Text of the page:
Rolling Stone



THE EPITOME of the celebrity chef as culinary rock star, Anthony Bourdain gave off a seen-it-all, snortedsho­t-and-survived-it-all vibe — a New Yorker forged in the fires of five-star restaurant­s whose Zen-punk personalit­y helped turn his book Kitchen Confidenti­al into a bestseller. Beneath the author/TVshow host’s brash exterior, however, was a sensitive introvert, a doting father and a die-hard romantic who harbored a lot of doubt.

That’s the Bourdain that Morgan Neville’s documentar­y is interested in focusing on, as opposed to the larger-than-life character who ate cobra hearts for the camera and played taste-test tour guide on travel series like Parts Unknown. You get a great sense of who he was via recollecti­ons from his producers, peers, family, and friends, though you wish the movie dug deeper into his prefame years. (Bourdain’s brother Christophe­r provides anecdotes, but his early life still feels like a question mark.) Speculatio­n regarding his self-destructio­n is thankfully AWOL; the pain of his loss still feels like an open wound to many of the interviewe­es here. They’ve come to praise Bourdain, not to bury him, yet Roadrunner is still a portrait of an artist who took on the burden of being a beacon and, somewhere along the way, lost sight of the light himself.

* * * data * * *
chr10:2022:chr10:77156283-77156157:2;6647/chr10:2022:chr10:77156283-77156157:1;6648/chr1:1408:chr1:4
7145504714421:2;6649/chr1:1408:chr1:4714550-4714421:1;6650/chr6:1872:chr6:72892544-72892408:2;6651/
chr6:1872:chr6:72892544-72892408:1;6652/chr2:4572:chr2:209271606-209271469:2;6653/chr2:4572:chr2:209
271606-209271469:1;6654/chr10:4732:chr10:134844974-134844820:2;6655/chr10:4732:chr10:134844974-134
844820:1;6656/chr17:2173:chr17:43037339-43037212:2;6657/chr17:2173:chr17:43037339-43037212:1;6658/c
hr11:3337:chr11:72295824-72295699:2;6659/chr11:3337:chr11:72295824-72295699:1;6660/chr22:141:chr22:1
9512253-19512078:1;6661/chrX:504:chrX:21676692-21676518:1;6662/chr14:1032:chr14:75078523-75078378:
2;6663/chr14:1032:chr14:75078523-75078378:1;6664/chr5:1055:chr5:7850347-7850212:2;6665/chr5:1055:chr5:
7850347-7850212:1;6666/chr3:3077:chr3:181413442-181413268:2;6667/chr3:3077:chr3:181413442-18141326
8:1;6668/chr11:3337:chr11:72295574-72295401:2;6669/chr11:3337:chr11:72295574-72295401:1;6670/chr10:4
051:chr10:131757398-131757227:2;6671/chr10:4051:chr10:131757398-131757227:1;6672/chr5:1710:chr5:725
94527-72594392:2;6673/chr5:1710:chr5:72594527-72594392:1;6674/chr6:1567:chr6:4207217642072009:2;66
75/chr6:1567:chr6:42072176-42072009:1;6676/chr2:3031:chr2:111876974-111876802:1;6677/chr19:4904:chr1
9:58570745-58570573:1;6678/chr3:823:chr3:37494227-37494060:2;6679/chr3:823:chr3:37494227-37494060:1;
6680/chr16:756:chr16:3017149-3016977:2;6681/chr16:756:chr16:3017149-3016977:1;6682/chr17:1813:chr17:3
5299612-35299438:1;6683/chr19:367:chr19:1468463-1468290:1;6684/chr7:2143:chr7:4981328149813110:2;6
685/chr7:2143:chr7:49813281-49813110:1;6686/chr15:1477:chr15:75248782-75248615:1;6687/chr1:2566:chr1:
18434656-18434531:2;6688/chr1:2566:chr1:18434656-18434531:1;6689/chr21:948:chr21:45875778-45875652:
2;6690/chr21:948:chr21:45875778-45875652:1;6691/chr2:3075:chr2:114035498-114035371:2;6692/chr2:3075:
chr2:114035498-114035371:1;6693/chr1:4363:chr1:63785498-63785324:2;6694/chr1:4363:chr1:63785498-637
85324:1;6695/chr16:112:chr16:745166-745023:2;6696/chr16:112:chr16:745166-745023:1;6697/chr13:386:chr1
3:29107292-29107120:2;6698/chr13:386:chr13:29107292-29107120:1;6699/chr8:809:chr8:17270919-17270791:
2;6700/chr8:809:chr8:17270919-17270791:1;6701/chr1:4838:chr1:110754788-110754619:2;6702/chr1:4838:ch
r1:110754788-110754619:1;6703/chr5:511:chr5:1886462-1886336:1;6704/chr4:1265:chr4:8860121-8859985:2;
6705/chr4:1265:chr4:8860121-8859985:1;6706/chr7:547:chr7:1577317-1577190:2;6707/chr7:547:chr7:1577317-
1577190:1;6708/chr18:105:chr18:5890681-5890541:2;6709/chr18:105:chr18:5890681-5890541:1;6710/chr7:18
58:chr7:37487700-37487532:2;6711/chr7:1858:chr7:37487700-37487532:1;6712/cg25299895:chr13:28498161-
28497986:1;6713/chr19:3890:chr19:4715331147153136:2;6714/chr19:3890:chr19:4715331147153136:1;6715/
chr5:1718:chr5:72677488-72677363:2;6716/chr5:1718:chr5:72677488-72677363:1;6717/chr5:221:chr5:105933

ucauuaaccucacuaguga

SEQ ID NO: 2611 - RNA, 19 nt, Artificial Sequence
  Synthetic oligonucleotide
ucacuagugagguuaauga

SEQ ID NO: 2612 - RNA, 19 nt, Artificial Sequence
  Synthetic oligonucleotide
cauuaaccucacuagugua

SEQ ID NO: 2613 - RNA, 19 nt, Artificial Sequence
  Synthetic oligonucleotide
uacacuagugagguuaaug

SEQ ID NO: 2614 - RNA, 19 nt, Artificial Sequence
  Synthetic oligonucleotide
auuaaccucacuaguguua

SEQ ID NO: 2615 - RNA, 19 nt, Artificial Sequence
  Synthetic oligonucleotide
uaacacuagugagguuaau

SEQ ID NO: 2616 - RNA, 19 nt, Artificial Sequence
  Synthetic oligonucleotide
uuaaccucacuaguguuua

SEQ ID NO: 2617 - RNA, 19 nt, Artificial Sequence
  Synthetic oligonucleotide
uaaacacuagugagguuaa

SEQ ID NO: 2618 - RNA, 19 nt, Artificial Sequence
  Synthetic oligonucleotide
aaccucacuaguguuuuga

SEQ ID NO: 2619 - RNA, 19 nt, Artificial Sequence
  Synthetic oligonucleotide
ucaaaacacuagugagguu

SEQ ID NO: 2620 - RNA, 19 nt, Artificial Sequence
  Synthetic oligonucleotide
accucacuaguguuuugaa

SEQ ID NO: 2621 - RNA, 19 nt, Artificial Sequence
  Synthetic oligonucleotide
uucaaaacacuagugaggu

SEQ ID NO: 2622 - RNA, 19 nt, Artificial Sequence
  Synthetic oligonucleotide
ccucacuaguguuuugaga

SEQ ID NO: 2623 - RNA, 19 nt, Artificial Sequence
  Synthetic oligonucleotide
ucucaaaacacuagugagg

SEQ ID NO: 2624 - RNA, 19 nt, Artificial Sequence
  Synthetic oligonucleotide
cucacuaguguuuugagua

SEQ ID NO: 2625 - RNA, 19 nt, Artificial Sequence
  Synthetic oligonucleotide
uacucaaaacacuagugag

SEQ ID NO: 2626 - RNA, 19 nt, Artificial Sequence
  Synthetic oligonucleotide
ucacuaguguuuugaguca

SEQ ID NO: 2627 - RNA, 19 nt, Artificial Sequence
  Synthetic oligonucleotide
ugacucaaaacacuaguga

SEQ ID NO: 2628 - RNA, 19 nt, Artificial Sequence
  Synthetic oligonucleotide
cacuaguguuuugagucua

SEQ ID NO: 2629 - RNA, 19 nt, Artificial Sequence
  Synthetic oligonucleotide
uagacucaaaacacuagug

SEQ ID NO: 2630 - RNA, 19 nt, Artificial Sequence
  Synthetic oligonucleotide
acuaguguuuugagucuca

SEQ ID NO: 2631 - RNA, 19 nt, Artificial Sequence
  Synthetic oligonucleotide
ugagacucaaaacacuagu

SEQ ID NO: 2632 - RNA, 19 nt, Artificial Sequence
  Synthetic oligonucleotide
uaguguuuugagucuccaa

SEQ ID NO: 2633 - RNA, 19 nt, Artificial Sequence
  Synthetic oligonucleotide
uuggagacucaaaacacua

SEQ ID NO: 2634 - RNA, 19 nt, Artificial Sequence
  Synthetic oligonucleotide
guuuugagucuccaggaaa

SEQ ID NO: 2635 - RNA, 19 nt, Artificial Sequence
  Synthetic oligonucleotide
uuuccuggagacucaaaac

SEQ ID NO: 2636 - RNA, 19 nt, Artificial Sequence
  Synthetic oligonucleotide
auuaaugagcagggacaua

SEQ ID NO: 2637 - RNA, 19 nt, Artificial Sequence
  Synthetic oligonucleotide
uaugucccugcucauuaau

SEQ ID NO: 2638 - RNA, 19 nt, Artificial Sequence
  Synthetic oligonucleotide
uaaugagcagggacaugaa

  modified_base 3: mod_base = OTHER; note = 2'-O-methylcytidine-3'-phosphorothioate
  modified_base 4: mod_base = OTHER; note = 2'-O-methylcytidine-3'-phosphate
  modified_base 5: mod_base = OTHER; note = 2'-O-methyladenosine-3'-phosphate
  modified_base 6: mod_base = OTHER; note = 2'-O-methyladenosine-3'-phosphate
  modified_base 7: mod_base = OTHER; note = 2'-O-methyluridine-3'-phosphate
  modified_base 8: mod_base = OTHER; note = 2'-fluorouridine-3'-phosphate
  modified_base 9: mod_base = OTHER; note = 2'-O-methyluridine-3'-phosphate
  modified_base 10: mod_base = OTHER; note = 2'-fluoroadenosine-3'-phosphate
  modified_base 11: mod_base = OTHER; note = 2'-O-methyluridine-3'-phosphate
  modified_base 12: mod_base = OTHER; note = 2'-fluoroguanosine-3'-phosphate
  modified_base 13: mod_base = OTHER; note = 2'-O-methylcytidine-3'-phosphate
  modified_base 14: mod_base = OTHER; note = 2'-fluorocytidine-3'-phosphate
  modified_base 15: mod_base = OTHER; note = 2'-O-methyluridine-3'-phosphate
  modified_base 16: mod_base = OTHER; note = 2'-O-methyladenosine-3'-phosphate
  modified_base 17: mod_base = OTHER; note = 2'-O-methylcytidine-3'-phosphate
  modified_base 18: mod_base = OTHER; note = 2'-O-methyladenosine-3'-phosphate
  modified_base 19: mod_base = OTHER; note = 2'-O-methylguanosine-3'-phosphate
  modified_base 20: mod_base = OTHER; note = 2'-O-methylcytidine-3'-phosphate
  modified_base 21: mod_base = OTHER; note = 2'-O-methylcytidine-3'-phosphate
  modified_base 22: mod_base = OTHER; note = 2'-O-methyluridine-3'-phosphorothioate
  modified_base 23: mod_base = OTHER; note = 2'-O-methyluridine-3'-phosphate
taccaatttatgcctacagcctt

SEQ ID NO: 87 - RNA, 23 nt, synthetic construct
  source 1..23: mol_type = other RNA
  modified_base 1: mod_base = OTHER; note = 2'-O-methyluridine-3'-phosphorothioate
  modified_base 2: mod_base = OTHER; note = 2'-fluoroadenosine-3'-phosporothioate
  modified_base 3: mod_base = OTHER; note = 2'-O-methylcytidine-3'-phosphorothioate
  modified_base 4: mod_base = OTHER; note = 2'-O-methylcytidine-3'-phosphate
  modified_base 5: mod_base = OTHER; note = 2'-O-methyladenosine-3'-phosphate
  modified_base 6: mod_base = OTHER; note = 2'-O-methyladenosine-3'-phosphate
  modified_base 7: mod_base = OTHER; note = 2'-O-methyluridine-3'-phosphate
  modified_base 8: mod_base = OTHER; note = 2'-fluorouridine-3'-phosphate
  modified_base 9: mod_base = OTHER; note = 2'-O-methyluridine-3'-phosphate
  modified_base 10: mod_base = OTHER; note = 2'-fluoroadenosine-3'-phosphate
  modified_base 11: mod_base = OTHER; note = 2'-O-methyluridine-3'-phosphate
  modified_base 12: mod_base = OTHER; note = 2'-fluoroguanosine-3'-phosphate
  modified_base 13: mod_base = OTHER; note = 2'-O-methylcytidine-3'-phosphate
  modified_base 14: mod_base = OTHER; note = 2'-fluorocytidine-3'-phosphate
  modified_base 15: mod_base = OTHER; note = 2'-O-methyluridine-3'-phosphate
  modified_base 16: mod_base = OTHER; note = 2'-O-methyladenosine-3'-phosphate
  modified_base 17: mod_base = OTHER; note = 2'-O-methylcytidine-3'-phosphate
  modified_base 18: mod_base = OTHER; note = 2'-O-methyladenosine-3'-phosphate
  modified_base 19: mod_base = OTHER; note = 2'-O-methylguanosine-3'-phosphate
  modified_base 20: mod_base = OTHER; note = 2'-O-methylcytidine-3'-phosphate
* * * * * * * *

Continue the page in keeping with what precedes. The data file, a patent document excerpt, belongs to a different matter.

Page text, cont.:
??  ?? Bourdain goes in for a bite during one of his many farflung journeys.
Bourdain goes in for a bite during one of his many farflung journeys.

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